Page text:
Derailing Singapore’s Reputation

SMRT delay

SOCIAL media was alive with barbed chatter about the collision between two SMRT trains at Joo Koon station this morning.

Coming on the heels of Transport Minister Khaw Boon Wan’s speech the night before, thanking and saluting public transport workers for their contributions to society, the accident was another ironical takedown of the beleaguered rail service.

Wrestling with issues ranging from aging equipment to breakdowns, fudged reports and a general unwillingness to take responsibility, the ongoing sequence of incidents points to a public relations train wreck that continues to drag on long after the accident.

It will be interesting to see what the findings of this latest accident are going to be. Already there’s talk of “train fault” as a faulty train stalled at the station and was hit by the second train.

But the 25 injured and those inconvenienced by this will not be so forgiving. From delays, the system is endangering their lives, and this is a situation that has to be addressed with more than just promises.

Humility, not something you see in abundance at the leadership level, and accountability should be part of the public service manual as they face up to a population that justifiably demands excellence from a highly-paid leadership and civil service.

As the system continues to expand, the mix of old and new networks will pose an ongoing series of issues.


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Attempts to sort out the kinks in the system are far from smooth as delays continue to plague both new and old lines.

With the government making car ownership increasingly unaffordable with various tax measures — certificates of entitlement, electronic road pricing, road tax — and many public roads affected by long-term works, the train service would seem the logical means of getting about.

But that is not proving to be the case as delays are derailing the Republic’s reputation for efficiency.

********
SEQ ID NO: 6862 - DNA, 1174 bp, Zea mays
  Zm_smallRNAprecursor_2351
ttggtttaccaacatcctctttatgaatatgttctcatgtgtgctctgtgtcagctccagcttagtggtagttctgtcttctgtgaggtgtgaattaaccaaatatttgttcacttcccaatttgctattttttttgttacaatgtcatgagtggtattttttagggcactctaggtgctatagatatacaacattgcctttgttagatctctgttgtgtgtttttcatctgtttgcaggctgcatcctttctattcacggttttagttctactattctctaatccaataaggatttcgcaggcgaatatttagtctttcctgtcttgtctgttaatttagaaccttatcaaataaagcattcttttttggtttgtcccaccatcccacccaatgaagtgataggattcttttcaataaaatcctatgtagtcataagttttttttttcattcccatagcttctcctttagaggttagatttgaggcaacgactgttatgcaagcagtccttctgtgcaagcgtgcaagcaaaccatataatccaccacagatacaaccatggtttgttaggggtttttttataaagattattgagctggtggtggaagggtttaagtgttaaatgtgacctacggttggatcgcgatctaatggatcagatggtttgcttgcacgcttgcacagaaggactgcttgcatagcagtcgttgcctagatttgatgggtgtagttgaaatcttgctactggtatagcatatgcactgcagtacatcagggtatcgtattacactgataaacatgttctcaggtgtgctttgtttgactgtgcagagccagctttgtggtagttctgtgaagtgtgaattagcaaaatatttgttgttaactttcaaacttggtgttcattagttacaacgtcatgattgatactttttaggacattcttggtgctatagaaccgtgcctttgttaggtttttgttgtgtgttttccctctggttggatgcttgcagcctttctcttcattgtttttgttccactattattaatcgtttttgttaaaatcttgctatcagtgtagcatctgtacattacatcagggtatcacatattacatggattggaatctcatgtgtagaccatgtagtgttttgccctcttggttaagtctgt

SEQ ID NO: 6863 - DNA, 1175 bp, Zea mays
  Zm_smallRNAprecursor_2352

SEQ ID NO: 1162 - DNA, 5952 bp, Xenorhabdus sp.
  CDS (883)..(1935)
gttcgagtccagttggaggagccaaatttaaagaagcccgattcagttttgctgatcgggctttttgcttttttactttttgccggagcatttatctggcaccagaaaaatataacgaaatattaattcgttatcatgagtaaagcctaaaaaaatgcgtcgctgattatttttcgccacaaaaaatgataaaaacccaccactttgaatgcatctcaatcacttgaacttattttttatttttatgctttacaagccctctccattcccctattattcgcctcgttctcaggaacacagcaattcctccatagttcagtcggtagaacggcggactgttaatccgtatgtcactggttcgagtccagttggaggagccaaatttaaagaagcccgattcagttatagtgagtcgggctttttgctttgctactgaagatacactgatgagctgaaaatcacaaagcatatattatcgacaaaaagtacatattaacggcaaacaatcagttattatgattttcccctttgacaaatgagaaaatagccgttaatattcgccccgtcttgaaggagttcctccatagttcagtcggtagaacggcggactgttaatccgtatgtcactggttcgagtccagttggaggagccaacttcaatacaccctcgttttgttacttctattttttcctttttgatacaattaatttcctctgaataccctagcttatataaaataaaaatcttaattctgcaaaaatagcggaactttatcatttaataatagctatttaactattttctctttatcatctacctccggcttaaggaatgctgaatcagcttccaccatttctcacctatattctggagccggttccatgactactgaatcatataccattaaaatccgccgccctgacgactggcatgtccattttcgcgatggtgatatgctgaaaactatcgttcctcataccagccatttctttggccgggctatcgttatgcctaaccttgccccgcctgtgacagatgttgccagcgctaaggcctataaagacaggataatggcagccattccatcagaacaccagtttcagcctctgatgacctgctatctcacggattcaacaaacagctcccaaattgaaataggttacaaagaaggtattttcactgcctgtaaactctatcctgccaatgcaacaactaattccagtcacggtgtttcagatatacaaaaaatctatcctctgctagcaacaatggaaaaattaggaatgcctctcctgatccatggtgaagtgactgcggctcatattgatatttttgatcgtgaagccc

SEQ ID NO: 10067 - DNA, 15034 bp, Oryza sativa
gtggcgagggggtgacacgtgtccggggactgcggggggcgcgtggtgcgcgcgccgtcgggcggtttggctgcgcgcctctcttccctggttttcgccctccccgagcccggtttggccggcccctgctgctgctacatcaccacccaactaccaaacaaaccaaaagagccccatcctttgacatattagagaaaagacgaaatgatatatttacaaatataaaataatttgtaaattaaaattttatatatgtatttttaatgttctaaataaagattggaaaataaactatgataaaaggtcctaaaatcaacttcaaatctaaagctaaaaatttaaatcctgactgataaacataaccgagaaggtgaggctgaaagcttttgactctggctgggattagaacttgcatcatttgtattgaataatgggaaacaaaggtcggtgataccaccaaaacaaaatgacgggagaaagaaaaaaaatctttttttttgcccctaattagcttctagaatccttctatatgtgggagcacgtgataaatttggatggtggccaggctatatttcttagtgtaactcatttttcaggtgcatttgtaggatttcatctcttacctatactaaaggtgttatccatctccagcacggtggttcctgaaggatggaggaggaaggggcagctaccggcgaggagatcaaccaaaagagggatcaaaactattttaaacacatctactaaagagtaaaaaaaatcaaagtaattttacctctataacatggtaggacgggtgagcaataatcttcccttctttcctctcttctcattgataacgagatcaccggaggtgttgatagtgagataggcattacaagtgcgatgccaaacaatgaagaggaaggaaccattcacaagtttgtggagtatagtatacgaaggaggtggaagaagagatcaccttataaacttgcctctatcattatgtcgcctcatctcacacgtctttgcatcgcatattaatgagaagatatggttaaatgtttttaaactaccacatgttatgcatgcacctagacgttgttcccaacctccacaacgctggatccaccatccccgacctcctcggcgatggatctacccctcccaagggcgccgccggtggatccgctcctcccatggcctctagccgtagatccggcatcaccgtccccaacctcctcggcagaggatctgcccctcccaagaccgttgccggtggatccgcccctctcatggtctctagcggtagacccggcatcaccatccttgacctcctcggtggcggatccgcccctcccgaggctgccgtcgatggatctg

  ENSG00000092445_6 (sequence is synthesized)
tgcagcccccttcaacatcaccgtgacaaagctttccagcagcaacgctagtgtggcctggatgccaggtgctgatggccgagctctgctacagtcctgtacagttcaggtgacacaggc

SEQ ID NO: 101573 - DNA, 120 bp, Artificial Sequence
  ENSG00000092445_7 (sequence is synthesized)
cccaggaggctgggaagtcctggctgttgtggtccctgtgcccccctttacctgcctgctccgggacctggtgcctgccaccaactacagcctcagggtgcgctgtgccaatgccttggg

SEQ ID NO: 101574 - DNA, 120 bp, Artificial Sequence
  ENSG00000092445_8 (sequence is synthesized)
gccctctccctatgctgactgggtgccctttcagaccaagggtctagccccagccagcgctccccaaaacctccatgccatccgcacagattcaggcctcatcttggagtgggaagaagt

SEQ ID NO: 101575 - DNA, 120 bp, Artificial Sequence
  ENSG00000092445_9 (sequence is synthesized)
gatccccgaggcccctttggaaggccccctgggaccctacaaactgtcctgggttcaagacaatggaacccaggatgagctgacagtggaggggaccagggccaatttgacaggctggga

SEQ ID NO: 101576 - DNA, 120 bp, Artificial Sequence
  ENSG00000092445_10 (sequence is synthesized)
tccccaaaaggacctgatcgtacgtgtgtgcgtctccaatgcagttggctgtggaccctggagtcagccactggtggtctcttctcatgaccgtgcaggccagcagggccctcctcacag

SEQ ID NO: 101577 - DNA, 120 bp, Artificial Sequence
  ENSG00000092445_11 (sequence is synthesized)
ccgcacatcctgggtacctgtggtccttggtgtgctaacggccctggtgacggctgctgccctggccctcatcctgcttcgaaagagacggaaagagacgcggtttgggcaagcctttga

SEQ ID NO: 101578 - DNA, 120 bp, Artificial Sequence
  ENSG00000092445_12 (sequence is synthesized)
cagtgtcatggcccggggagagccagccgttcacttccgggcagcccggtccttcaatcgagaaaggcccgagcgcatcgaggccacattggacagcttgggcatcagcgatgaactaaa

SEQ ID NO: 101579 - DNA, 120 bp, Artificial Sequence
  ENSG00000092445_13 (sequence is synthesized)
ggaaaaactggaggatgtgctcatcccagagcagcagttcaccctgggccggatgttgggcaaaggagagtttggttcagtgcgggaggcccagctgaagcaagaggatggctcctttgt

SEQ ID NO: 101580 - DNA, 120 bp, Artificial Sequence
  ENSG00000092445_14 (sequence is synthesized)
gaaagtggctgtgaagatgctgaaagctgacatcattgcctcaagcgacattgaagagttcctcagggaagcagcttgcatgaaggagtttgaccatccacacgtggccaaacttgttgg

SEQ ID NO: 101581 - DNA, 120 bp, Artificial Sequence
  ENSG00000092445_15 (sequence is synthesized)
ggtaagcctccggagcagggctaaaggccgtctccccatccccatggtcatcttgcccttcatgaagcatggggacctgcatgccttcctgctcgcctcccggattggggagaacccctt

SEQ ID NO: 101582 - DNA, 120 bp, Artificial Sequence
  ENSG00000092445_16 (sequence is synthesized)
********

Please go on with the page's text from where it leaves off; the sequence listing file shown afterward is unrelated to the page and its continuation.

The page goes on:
Band Aids Or Remedies

Besides delay chits for anyone required to show them to prove the train made them late, this has caused the eco-system to find workarounds for systemic issues.

Students taking the O and A level examinations have been told to go to the nearest school holding these exams in the event of a train delay.

And with the recent accident, some parents are telling children not to take the train.

What recourse is there for the public when the system continues to fail them?

Perhaps commuters should consider taking up insurance to safeguard their physical wellbeing. Insurance companies may want to look into this opportunity.

Just as the authorities are quick to penalise those who fall foul of their practices and rules, perhaps it’s time it took a dose of its own medicine.

As delays continue to plague the system, and will continue for the foreseeable future, SMRT should develop a schedule of timely payouts to those inconvenienced by delays, breakdowns and injuries.

Maybe then the inconveniences may become slightly more bearable.

But, ultimately, please get things fixed and keep the trains rolling.

Image from SMRT commuter.

1 Comment
  1. T.I.R.E.D….of all the excuses rolling out from the forked tongues…taking exams at the nearest school? UNIQUELY SINKAPORE!

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